Kites fill the Columbian sky Maddie Magruder

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n a windy day people struggle to keep their hair out of their faces, papers from flying about and car doors from swinging open uncontrollably. The air whooshes around; everything is at the mercy of the gusts. But for some, windy days are the perfect backdrop for a kite flying adventure. Ever since she can remember, junior Kayla Doolady has flown kites. On windy weekends her family members would grab their kites and watch them fly up in the air. She loves to “get outside and enjoy the weather with my family.” Doolady said last year during advisory, she and her friends enjoyed a few breezy days flying kites. Doolady isn’t the only one who loves to fly kites. On April 14, kite lovers joined for Kite Flying Day, a free event at Douglass Park sponsored by Columbia Parks and Recreation. Coordinator Tammy Miller said the event allows the community to enjoy the weather. Columbia started the program in the early 1990s to bring more

Up in the air art by Maria Kalaitzandonakes photo by Muhammad Al-Rawi

bonding between families. The city of Columbia “felt like parents didn’t have enough quality time with their children like they do today,” Miller said, “so they created this event to make it a fun and easy opportunity for families to come together to do an activity as a family, to communicate and just have fun.” Miller and the Parks and Recreation program aim to provide a fun environment for all, regardless of whether or not participants have kites. A limited number of free kites were on hand to give away, allowing everyone to be part of the fun. “It brings the community together,” Miller said. “We picked Douglass Park because it’s central[ly] located, and those families that are close by can just walk in. ” Junior Rebecca Burke-Agüero stumbled upon Kite Flying Day several years ago during a walk with her dog. The number of people with their different types of kites amazed her. Although she didn’t have a kite with her, she said the sight was really exciting. Since then, Burke-Agüero has flown kites with her advisory class, her family and her friends. “I love everything about flying,” BurkeAgüero said, “and seeing a kite way up high in the sky and controlling it and having the accomplishment of keeping it steady up there is really fun to me.” Instead of stumbling upon it as BurkeAgüero had, Doolady has attended several Kite Flying Days with her family. Her kite knowledge expanded at the event. She saw long kites, short kites, big kites and kites of all shapes. She also saw Chinese kites, something she had never seen before. The fun of kite flying integrates itself all through Columbia, from simple pleasures on a windy day at school to an event with fellow kite flyers. The event was a success, Miller said. She was happy to see “parents and k i d s coming together and doing a fun activity. That show[s] me that the parents are caring for their kids and want to do some fun activities with their kids.”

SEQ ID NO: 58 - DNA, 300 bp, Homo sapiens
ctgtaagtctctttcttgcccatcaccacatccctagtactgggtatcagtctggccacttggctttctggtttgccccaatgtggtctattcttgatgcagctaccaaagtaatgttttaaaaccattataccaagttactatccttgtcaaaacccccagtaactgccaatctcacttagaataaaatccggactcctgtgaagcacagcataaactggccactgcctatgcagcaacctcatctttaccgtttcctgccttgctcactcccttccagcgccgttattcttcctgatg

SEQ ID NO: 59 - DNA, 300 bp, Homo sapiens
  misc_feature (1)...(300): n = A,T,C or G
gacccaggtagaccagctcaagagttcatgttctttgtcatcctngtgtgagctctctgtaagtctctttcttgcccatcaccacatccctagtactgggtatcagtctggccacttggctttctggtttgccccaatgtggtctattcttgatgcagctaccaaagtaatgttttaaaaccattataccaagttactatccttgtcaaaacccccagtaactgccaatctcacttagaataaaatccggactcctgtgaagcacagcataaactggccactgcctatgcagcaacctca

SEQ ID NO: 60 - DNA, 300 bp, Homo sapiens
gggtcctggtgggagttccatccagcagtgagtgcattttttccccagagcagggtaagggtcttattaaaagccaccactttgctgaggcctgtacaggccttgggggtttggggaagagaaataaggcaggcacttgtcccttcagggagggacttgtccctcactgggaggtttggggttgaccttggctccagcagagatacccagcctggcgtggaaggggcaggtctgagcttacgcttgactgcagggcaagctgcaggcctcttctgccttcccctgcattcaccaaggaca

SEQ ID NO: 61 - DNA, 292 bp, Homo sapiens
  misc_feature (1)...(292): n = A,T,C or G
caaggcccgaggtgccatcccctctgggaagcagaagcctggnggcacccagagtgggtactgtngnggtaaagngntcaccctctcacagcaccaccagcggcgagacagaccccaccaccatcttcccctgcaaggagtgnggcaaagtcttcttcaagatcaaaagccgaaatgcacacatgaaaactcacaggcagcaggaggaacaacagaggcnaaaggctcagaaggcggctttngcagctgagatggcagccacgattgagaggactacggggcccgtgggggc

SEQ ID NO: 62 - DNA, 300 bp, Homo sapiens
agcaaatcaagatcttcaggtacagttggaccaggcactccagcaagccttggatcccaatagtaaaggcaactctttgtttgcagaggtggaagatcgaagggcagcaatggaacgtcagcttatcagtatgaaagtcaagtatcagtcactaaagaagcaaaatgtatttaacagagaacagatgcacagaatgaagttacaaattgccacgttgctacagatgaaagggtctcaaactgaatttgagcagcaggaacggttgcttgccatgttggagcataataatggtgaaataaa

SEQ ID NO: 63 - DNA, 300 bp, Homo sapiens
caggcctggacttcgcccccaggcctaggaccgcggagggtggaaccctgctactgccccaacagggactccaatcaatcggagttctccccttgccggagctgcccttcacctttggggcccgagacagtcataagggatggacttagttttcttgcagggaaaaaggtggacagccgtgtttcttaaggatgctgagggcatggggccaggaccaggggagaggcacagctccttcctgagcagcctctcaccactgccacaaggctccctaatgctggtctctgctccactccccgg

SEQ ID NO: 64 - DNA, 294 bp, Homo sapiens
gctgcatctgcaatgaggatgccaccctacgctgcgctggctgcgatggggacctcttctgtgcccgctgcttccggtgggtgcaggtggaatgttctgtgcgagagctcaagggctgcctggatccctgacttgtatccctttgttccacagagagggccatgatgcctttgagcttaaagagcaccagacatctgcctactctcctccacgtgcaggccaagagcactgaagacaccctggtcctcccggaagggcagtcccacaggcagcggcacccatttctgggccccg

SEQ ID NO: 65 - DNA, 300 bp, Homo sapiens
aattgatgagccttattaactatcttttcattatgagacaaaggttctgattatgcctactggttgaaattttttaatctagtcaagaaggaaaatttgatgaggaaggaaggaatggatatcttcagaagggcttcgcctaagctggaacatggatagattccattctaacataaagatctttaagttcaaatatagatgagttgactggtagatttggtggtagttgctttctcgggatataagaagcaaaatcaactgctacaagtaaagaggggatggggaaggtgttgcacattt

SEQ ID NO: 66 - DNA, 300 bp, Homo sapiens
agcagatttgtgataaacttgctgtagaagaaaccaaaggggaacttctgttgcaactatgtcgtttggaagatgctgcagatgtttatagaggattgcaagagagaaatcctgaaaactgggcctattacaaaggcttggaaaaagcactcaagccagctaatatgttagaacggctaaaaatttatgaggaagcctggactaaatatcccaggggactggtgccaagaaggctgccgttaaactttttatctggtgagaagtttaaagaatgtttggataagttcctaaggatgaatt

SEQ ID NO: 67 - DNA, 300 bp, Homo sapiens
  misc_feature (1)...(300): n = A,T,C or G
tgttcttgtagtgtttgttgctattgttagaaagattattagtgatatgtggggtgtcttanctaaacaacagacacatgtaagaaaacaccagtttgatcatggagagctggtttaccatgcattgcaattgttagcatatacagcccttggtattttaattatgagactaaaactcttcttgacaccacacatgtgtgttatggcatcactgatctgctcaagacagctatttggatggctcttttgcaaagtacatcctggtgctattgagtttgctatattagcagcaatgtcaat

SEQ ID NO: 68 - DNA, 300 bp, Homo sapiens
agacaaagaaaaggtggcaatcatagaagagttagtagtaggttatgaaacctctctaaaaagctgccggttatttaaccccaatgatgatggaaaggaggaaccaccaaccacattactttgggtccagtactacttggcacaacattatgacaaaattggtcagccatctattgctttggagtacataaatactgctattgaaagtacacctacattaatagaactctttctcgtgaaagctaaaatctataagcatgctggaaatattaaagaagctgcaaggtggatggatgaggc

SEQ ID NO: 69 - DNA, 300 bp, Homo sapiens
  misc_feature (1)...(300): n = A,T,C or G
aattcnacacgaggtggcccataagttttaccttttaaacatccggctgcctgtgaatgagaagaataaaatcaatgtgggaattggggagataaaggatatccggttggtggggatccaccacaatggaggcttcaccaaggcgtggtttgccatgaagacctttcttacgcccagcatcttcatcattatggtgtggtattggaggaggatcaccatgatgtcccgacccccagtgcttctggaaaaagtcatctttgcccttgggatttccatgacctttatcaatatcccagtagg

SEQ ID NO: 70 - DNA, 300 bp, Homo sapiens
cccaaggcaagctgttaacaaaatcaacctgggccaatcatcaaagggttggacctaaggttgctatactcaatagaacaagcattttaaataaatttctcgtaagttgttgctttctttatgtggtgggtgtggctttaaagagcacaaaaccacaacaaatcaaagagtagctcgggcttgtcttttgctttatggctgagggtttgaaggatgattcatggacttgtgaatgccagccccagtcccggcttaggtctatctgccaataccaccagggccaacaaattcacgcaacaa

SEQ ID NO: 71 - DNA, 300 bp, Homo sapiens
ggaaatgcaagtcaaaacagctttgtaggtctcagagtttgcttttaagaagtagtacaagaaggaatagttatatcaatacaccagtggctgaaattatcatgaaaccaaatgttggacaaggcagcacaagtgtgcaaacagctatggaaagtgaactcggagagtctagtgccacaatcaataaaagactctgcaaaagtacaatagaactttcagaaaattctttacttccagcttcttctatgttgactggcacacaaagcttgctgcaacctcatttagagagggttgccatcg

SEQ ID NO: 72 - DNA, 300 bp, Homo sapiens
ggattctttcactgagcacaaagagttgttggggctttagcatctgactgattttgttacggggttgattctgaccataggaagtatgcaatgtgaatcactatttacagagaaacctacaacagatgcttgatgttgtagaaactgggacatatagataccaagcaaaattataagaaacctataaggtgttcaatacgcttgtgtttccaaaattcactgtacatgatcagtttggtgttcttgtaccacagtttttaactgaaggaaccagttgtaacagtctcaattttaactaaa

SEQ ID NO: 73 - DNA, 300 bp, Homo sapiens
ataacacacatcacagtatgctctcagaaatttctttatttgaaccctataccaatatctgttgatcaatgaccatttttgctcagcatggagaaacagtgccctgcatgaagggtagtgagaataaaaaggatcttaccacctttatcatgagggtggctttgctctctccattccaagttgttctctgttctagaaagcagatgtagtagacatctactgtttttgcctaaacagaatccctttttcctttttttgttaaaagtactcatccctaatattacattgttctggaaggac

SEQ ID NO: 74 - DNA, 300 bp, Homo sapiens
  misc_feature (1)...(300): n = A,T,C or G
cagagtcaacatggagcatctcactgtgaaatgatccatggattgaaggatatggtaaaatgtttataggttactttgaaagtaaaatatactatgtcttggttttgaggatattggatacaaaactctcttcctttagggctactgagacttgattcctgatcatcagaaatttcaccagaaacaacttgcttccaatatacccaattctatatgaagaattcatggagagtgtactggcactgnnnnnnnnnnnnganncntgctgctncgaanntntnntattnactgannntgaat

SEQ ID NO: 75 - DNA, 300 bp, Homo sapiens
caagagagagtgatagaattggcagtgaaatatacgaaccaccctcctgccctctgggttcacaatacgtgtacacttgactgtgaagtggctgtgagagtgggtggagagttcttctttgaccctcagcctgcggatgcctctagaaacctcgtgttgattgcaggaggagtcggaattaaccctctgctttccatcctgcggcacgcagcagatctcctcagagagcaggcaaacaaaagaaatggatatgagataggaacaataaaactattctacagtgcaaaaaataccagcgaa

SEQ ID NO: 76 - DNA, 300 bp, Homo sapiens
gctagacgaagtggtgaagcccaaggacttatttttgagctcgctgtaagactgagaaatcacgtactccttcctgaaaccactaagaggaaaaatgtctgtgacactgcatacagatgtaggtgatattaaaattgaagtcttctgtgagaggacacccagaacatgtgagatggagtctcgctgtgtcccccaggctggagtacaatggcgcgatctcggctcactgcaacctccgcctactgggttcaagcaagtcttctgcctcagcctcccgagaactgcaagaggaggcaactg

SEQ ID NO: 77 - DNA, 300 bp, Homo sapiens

photo by Muhammad Al-Rawi

Starting a masterpiece: Junior Paige Selman shows her sketched idea for the mural in room 331 to junior Larry Green. The plan is to have a huge tree covering the back wall. Green is excited to participate later this month.

Mural kicks off in room 327 Sonya Francis

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ith the end of the year closing in, most students are slowing down. Their batteries aren’t fully charged, and the only thing that occupies their minds is the countdown toward summer. But junior Paige Selman does not fit this case; instead, she has a new art project which she hopes to finish by the end of the year. As an Advanced Placement art student, Selman is no stranger to paint, so when the teachers in charge of the resource lab approached art teacher Sharyn HyattWade about the possibility of a school mural, Selman jumped at the chance. “I thought, ‘what reflective teachers, to know that the visual arts can create a dynamic learning environment,’” Hyatt-Wade said. When Selman started experimenting with styles, she said she taught herself backwards. Watching her mother oil paint, she started with oils and eventually learned how to draw. “Everyone gets something different out of art, and it’s whatever that person needs it to be for them to see it. You can’t avoid art. And since you can’t avoid it you can’t avoid people having reactions,” Selman said. “It just does something inside you, whether it’s relaxing or calming; everyone will have a reaction which is part of what makes art so cool. Art is a story with no words; you can just interpret it however you want.” Mary Grupe, a resource lab teacher, will be the dominant person working with Selman on the project; in fact, a quote from Aristotle sparked Grupe’s idea for the project — “the roots of education are bitter, but the fruit is sweet.” So what better to serve such a quote than a beautiful tree